Local presence and international manufacturing configurations in technology-intensive industries

  • Flaherty M
  • Raubitschek R
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In this paper, we explore one explanation of the impact of local manufacturing presence through local customers on the configurations of international manufacturing plants established by technology-intensive rivals. In order to motivate interest in international plant configurations and this demand-side assumption, we first describe some of the stylized features of competition in the early stages of the international development of the integrated circuit industry. We then present a model incorporating the positive impact of local manufacturing presence on local sales. We show that the model is sufficient to explain a variety of different patterns of international manufacturing configurations and worldwide market shares. Under certain broad conditions, duopolists locate their plants in different countries and avoid head-to-head competition. However, this tendency to avoid rivals can be reversed by asymmetries in market sizes, crowding caused by a shortage of foreign markets when start-up costs are relatively low, first mover disadvantages in start-up costs, trade protection, and an industry marginal revenue that rises, rather than declines, with multiple local plants. © 1990.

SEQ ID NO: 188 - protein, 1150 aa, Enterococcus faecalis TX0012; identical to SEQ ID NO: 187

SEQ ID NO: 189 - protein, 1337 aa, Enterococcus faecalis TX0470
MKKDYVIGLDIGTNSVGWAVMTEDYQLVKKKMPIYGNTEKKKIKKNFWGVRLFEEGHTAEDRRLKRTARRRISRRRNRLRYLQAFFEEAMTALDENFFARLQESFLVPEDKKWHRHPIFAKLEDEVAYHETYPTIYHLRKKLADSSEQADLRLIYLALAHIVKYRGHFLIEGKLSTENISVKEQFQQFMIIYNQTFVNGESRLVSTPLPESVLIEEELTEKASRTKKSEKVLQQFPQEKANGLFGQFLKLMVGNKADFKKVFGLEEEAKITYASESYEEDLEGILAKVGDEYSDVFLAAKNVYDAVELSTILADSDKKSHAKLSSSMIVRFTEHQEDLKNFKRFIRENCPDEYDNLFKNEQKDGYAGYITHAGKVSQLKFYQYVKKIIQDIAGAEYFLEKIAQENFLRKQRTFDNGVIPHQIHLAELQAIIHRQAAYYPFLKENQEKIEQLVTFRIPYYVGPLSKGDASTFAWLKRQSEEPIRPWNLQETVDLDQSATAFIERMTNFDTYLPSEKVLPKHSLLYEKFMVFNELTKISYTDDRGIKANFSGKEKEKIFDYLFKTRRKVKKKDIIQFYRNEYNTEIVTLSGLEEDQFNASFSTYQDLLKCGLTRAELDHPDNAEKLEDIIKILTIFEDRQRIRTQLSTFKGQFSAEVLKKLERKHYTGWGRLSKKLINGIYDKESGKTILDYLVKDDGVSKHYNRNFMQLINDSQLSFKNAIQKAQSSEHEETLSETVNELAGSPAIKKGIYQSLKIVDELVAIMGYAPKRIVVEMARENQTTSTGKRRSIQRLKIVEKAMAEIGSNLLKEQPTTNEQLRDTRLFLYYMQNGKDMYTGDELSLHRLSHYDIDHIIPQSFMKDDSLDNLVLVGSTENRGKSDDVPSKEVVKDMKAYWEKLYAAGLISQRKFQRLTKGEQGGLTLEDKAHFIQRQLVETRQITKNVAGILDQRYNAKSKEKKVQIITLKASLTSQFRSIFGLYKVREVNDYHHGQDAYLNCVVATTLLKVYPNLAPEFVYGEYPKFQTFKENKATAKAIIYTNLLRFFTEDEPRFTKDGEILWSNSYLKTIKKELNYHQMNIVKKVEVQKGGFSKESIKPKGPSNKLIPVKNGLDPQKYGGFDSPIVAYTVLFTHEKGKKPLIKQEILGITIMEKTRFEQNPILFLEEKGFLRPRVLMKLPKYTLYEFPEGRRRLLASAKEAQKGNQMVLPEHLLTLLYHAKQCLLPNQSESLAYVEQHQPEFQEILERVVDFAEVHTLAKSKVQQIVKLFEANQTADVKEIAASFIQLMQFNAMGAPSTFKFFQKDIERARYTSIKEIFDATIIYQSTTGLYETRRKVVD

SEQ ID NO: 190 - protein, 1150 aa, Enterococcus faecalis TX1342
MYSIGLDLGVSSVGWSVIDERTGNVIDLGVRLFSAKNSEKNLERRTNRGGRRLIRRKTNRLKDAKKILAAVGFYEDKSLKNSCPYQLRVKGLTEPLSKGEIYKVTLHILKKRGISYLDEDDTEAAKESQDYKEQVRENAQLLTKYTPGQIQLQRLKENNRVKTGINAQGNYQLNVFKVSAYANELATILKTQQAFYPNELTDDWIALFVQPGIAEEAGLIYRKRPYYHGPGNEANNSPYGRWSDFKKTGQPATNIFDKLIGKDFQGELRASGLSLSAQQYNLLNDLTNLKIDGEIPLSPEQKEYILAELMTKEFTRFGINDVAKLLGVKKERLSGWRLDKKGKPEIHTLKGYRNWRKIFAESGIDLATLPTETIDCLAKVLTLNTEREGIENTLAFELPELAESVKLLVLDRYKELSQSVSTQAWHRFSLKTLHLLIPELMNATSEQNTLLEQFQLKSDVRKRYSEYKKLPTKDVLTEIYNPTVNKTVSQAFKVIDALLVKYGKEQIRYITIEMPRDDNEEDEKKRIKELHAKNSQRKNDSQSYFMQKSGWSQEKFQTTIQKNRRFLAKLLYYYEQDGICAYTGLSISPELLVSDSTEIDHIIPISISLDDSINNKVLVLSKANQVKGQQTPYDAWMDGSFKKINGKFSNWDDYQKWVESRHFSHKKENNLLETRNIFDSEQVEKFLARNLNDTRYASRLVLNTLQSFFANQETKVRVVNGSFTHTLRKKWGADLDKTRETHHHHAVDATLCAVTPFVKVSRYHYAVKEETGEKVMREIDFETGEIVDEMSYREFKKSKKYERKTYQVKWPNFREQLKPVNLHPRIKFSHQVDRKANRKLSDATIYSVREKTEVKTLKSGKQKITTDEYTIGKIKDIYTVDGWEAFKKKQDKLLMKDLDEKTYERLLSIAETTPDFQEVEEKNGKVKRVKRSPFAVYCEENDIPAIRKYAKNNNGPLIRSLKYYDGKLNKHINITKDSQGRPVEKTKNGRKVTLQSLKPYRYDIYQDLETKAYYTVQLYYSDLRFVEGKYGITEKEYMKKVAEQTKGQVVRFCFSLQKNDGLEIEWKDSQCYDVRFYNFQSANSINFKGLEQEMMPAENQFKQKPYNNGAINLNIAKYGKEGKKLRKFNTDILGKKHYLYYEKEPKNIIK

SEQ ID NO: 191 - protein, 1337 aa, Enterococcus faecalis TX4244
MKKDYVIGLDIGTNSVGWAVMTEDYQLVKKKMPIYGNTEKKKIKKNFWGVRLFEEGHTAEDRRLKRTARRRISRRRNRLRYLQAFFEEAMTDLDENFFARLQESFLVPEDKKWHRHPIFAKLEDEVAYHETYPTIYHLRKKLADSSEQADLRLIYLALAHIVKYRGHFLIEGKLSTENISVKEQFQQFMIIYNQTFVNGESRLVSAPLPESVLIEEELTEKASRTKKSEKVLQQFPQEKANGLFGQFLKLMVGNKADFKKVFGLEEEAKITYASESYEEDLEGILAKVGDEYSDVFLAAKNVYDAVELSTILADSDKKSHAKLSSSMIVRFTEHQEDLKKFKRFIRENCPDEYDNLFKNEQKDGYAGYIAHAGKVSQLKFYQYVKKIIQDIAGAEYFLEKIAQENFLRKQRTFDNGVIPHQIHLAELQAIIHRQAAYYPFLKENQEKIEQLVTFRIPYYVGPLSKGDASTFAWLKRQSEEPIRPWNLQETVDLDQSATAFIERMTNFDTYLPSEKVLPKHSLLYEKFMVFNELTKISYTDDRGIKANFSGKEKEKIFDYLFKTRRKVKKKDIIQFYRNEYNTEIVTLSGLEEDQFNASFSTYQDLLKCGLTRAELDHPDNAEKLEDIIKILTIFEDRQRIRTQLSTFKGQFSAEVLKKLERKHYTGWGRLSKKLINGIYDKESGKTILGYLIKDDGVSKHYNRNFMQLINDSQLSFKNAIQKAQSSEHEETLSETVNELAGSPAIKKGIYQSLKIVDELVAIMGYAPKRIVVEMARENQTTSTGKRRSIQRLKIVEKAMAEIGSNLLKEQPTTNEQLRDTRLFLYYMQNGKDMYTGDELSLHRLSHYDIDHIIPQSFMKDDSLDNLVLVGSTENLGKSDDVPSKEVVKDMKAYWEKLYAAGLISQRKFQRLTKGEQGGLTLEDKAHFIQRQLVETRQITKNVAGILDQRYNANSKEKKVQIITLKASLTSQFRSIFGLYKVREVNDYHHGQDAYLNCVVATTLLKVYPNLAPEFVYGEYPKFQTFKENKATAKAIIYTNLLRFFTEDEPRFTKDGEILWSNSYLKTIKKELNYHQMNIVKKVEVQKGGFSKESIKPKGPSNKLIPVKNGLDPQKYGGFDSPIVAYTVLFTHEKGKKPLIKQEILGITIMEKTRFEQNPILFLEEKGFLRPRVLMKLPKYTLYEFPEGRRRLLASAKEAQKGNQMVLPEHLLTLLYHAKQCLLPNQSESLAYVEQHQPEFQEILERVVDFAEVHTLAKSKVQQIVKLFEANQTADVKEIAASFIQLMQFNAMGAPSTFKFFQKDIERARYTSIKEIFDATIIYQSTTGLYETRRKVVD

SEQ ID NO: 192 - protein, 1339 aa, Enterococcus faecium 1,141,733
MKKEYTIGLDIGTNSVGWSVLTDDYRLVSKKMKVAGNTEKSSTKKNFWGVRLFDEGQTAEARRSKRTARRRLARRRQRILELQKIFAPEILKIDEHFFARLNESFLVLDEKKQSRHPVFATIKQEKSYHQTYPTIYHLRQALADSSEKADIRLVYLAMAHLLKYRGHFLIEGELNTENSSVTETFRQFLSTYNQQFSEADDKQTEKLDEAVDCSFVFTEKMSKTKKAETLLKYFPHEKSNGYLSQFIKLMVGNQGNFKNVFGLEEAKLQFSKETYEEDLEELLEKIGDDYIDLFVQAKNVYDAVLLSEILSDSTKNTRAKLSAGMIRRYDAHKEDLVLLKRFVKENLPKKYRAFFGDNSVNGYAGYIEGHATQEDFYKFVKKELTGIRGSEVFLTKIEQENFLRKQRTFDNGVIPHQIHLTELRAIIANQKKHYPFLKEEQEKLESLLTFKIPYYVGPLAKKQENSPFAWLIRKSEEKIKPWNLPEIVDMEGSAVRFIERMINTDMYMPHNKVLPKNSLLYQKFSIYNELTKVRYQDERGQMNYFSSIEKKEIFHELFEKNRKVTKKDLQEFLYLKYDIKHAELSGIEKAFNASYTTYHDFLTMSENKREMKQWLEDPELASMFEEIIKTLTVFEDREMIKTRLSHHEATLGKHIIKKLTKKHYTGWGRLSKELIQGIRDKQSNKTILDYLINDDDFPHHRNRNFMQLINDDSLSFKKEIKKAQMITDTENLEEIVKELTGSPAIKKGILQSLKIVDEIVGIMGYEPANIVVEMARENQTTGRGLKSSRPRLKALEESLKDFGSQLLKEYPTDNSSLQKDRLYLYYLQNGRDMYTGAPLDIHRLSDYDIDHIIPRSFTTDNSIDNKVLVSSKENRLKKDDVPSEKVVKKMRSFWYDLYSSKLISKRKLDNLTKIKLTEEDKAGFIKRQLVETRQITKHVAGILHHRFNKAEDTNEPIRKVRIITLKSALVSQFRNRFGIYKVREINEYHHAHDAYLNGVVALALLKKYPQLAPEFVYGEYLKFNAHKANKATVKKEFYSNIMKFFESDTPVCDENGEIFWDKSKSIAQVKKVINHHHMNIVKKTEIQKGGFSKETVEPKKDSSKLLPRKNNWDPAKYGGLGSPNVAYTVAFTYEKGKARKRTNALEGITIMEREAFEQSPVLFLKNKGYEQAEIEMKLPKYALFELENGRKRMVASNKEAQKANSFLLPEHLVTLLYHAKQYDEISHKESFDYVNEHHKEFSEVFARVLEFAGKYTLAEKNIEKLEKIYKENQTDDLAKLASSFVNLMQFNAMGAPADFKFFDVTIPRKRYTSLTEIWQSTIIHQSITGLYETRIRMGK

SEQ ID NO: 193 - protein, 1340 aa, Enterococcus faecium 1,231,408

Author-supplied keywords

  • International manufacturing
  • local presence
  • multinational direct foreign investment
  • technology-intensive industries

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  • M. Therese Flaherty

  • Ruth S. Raubitschek

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